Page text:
Links for March 23rd, 2011

  • “Virtues and Obstacles of Hardware-assisted Multi-processor Execution Replay” — if you want to know why VMware Fault Tolerance doesn’t support vSMP, this fairly complex paper tells you: there’s no good way to do record & replay on multi-threaded software just due to the complexity and non-deterministic nature of how CPUs execute code.
  • “Being Vulnerable to the Threat of Confusing Threats with Vulnerabilities” — good short paper encouraging people to know the difference between a threat and a vulnerability. For instance, one example he gives is that not having antivirus protection on a desktop is a vulnerability, while adversaries wanting to install malware on those desktops is a threat.
  • These “Historically Hardcore” posters are great. Too bad the people at the Smithsonian have sticks up their…
  • Put whole steaks in a big loaf of bread? Okay! This looks good, might have to try it.
  • “Although Wisconsin has a Democratic reputation these days — it backed the party’s presidential candidates in 2000, 2004 and 2008 — the state was dominated by Republicans for a full century after the Civil War. The Democratic Party was so ineffective that Wisconsin politics were largely conducted as debates between the progressive and conservative wings of the Republican Party.” Excellent op-ed from the UW-Madison’s own Dr. William Cronon.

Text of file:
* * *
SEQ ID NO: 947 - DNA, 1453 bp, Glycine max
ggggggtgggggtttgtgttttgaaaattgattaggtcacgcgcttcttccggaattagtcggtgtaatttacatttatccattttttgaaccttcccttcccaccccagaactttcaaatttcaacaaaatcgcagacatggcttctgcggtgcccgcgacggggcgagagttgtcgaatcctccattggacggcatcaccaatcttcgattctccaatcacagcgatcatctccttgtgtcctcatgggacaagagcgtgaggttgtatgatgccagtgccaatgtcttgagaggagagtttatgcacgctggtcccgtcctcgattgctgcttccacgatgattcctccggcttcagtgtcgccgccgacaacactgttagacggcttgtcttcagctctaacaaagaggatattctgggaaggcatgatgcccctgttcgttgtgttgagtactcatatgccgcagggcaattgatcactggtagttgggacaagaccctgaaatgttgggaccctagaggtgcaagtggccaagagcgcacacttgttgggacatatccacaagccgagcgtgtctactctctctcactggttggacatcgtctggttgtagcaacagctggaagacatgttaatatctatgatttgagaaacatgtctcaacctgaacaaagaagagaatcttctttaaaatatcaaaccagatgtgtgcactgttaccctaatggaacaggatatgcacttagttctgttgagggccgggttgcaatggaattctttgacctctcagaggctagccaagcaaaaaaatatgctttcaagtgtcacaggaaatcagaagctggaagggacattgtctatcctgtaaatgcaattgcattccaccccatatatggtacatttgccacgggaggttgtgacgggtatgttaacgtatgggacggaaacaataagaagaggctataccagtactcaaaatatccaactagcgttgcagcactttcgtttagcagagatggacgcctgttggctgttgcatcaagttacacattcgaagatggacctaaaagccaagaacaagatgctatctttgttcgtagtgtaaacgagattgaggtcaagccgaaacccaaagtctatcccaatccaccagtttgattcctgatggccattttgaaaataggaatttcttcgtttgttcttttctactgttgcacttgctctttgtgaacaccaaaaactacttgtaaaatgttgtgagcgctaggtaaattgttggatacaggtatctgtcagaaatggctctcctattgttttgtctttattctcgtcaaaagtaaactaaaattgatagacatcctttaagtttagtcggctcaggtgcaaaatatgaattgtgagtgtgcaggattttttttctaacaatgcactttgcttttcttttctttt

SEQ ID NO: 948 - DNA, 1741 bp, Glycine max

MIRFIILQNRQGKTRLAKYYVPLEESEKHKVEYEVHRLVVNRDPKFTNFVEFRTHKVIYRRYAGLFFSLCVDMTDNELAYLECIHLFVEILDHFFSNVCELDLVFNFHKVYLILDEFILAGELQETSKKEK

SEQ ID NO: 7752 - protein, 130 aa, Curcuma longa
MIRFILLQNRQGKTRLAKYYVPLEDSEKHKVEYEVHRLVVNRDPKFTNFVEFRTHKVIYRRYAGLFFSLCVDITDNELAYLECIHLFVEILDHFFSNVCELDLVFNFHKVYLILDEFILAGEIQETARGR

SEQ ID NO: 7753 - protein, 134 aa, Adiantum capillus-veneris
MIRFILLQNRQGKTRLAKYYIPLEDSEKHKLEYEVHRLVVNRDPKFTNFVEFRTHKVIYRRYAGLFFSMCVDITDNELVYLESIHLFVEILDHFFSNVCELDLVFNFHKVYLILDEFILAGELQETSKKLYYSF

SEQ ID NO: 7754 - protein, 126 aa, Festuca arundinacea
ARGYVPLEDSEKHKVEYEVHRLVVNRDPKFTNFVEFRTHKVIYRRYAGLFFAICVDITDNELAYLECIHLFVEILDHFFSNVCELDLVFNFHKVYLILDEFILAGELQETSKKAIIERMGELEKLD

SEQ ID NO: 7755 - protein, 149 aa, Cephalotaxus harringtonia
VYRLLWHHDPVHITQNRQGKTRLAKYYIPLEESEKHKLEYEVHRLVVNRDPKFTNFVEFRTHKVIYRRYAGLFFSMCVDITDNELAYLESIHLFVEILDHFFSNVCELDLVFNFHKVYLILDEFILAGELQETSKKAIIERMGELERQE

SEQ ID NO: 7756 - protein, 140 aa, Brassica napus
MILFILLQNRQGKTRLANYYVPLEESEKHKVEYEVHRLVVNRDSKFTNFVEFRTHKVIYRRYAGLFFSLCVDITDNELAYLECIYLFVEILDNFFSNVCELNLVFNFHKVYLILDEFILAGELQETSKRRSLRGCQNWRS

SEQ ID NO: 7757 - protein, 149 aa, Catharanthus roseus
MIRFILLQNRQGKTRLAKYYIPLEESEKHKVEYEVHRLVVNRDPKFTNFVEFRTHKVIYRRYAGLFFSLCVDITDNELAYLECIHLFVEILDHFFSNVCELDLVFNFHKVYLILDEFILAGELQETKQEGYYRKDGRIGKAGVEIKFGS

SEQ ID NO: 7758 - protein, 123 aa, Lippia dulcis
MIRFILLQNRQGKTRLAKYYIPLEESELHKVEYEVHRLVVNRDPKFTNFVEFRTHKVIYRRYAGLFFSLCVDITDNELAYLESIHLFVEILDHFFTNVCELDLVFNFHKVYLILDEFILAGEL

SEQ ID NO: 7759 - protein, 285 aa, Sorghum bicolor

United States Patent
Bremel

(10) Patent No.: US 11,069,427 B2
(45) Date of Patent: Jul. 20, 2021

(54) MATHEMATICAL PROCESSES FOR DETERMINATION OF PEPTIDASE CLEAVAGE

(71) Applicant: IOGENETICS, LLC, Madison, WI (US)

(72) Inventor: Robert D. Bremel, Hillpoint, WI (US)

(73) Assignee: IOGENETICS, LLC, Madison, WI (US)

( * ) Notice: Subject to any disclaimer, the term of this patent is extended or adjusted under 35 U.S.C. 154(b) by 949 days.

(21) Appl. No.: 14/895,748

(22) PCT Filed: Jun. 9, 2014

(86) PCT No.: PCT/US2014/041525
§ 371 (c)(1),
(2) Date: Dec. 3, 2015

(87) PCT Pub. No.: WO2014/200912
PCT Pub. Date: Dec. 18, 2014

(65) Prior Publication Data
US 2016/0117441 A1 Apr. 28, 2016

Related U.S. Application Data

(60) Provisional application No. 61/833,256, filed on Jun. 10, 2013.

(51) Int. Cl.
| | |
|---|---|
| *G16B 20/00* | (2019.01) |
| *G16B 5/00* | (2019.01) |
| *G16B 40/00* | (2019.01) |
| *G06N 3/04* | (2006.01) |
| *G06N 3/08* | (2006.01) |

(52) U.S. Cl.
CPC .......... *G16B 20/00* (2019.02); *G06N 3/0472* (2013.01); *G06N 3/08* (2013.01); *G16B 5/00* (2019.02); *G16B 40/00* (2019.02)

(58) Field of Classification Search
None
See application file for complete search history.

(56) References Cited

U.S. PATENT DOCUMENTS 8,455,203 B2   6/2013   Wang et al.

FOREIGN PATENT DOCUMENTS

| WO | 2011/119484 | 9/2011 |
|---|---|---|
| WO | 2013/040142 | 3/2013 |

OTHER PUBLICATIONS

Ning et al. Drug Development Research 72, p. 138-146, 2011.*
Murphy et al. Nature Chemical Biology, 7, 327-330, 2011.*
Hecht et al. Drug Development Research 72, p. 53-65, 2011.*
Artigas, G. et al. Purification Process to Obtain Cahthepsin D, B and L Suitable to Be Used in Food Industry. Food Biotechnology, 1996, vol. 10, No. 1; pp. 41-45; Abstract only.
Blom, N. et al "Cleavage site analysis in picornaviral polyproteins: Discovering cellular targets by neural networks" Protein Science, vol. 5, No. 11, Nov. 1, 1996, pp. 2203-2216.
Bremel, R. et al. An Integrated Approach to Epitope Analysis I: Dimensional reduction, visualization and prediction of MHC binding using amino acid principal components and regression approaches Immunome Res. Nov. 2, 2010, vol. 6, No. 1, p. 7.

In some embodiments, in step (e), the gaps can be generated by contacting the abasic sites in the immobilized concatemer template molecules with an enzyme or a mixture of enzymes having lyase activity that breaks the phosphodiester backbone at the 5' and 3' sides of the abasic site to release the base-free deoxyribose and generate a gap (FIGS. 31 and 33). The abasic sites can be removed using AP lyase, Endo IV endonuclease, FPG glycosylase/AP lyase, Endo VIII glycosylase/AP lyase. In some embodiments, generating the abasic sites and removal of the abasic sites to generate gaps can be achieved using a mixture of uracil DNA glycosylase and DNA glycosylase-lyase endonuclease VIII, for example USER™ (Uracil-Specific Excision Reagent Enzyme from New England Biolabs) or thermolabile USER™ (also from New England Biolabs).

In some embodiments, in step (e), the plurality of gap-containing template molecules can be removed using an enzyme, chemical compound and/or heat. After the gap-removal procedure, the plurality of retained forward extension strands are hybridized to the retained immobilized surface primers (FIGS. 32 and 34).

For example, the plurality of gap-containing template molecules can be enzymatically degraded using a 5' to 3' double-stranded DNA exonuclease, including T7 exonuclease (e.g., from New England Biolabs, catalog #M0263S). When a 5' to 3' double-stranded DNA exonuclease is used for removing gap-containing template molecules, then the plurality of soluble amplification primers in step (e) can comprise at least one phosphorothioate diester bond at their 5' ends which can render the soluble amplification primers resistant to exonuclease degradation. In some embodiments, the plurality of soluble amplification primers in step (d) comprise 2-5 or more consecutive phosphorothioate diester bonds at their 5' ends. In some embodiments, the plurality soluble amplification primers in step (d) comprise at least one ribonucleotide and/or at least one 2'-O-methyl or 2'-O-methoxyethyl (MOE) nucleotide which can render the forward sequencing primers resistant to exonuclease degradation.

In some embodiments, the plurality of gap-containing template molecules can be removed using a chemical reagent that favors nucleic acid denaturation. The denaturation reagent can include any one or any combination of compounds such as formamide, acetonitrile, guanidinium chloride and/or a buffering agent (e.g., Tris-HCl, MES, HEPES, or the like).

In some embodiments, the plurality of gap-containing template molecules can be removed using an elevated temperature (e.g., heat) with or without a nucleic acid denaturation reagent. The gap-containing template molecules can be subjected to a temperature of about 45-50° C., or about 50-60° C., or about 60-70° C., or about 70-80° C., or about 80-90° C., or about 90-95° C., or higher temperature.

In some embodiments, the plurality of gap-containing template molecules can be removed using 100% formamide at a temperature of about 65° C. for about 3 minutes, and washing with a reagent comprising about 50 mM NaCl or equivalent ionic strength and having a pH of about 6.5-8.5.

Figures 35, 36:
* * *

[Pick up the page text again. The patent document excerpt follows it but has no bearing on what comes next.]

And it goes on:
• Say what you want about Apple, but the fact that they have an escalation path for funny stuff, and would do something like this, seems pretty cool to me. Hopefully it isn’t just a rumor, as alleged.
  • Ivan’s post highlights something I’ve been thinking for a while: that being clever is, more often than not, a bad thing in IT.
  • “Each year, 40 million people worldwide undergo necessary testing with technetium-99m. If you’ve ever had a nuclear medicine procedure, the chances are high that what they put into your body came straight out of a nuclear reactor – and if they hadn’t put it into your body, it would have been considered nuclear waste!” Continued good information from the MIT Nuclear Science & Engineering folks.
  • An example of the original posters from the link above, with the Smithsonian logo. Via @excid3 and @bdha
  • “Assume SecureID is no longer effective.” Probably a good assumption, seeing as RSA is being very tight-lipped about what actually happened and what the consequences are.

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